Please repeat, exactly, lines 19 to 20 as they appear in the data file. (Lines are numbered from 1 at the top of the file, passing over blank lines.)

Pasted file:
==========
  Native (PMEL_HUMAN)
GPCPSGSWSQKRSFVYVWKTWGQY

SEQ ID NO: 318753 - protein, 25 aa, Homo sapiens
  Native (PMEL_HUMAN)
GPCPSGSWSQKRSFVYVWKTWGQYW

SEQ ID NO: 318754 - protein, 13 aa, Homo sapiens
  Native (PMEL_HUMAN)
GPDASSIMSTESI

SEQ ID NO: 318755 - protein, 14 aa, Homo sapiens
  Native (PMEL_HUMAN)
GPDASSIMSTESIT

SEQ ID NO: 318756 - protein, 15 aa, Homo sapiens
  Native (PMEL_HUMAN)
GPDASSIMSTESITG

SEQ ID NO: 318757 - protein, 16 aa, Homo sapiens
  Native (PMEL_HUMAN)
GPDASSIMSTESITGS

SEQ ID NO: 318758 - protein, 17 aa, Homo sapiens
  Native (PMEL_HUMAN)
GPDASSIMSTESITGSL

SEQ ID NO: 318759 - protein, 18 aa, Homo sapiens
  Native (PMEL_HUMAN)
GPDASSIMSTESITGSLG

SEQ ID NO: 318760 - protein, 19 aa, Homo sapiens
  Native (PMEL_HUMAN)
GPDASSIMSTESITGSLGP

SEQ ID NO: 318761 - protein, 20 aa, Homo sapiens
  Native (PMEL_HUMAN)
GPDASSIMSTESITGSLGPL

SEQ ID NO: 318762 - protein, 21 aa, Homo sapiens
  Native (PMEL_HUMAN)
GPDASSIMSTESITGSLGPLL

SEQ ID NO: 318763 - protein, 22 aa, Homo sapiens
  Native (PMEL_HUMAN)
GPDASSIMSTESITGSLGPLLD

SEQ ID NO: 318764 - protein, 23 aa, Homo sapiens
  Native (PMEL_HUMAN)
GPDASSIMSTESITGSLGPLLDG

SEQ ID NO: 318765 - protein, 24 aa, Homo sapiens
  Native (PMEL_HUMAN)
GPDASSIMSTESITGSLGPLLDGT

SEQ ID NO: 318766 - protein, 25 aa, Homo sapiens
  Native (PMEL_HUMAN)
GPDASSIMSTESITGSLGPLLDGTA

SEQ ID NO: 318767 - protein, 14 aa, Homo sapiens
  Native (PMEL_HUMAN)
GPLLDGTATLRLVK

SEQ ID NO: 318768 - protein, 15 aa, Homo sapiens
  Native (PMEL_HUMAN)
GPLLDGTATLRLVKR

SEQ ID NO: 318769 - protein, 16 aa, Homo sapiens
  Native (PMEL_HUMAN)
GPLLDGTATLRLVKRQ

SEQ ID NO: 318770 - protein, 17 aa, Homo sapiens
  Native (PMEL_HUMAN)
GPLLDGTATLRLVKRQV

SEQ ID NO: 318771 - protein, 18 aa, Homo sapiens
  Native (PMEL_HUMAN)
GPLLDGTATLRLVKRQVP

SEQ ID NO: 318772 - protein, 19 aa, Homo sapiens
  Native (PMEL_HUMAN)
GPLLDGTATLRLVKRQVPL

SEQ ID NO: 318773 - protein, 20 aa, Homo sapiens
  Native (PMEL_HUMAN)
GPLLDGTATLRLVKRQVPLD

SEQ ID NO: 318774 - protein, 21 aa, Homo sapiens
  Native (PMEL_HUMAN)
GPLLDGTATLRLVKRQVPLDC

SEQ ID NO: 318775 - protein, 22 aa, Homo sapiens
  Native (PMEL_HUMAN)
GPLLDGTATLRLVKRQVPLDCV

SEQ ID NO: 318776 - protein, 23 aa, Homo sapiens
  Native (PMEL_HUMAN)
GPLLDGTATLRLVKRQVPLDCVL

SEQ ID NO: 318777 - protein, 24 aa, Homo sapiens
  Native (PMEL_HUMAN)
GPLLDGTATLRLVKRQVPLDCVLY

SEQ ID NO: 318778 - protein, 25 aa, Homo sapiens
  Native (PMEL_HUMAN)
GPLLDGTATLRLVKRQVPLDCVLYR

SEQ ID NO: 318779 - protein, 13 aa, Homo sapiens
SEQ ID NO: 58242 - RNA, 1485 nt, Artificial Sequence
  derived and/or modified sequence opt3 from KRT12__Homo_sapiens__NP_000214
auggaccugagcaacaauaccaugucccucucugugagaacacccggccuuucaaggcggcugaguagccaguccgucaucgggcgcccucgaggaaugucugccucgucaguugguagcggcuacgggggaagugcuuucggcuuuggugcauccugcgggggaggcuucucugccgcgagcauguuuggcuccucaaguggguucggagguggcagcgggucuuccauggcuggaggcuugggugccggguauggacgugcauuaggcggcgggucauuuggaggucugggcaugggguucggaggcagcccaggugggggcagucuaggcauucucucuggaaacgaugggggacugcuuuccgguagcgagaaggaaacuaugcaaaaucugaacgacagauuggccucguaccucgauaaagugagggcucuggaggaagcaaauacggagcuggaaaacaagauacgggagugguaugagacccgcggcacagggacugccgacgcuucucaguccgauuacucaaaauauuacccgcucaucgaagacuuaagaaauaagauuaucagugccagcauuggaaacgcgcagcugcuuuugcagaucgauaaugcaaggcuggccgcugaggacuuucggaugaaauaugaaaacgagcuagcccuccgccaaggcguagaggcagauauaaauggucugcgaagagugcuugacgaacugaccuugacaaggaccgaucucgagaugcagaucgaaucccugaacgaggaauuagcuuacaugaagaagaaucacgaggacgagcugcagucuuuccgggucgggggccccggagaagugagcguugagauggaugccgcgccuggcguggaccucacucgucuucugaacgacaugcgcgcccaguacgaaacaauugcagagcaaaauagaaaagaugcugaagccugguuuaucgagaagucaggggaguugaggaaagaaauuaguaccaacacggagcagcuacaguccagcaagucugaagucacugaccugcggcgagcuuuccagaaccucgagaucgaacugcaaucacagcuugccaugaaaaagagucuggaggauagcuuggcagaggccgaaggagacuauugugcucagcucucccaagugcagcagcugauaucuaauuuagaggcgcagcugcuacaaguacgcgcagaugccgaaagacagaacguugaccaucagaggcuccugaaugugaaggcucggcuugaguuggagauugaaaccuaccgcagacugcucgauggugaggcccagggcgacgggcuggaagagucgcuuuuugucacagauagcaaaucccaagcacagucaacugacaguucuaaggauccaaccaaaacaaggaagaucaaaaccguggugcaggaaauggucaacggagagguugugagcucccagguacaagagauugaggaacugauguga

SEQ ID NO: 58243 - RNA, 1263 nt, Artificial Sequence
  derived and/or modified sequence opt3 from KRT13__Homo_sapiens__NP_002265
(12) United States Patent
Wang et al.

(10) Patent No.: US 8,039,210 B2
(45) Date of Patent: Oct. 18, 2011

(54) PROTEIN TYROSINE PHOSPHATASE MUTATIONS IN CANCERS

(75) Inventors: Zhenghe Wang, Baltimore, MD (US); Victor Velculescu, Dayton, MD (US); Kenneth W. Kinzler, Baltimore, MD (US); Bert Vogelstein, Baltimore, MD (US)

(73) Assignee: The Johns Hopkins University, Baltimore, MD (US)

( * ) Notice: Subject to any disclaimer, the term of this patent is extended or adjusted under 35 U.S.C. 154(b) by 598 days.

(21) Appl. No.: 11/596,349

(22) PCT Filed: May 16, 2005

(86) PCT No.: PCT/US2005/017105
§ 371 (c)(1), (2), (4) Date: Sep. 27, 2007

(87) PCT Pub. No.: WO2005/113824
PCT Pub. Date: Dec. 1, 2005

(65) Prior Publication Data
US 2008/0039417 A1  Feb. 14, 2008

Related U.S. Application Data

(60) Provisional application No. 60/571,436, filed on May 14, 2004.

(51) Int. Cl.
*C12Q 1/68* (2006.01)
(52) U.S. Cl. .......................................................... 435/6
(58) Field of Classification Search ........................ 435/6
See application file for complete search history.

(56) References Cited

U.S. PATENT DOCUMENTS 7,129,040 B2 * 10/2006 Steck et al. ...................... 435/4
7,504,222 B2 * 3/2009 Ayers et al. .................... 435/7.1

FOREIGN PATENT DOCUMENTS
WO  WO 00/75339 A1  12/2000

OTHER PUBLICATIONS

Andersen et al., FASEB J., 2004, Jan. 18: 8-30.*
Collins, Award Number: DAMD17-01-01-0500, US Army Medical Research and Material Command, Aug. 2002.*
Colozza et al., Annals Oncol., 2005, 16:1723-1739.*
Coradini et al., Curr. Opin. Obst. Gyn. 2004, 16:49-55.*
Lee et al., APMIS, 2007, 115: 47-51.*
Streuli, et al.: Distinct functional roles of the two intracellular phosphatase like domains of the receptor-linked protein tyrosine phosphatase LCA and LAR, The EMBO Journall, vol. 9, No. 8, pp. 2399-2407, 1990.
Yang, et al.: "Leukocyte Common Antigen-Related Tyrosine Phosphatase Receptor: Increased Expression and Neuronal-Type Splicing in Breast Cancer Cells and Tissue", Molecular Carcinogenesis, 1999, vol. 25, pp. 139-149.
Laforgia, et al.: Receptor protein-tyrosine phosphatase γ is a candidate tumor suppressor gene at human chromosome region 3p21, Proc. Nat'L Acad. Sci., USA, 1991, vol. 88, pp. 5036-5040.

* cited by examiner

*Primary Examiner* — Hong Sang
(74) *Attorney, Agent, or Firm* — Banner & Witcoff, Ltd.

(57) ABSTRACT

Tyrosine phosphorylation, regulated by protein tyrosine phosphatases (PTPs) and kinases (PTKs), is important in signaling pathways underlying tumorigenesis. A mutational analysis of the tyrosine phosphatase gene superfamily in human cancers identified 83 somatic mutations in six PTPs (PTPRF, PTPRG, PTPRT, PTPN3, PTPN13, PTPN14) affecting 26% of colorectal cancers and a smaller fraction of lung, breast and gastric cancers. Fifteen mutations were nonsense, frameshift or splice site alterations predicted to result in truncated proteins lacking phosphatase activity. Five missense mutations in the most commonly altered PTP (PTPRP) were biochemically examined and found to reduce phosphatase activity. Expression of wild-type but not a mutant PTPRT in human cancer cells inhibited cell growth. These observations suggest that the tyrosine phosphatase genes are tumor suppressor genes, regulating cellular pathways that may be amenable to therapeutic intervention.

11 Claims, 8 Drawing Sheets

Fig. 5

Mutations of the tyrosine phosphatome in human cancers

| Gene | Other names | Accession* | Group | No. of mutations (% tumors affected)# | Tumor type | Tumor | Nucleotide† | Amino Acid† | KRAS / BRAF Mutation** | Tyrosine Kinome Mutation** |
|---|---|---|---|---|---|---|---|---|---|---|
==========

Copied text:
  Native (PMEL_HUMAN)
GPDASSIMSTESITGSL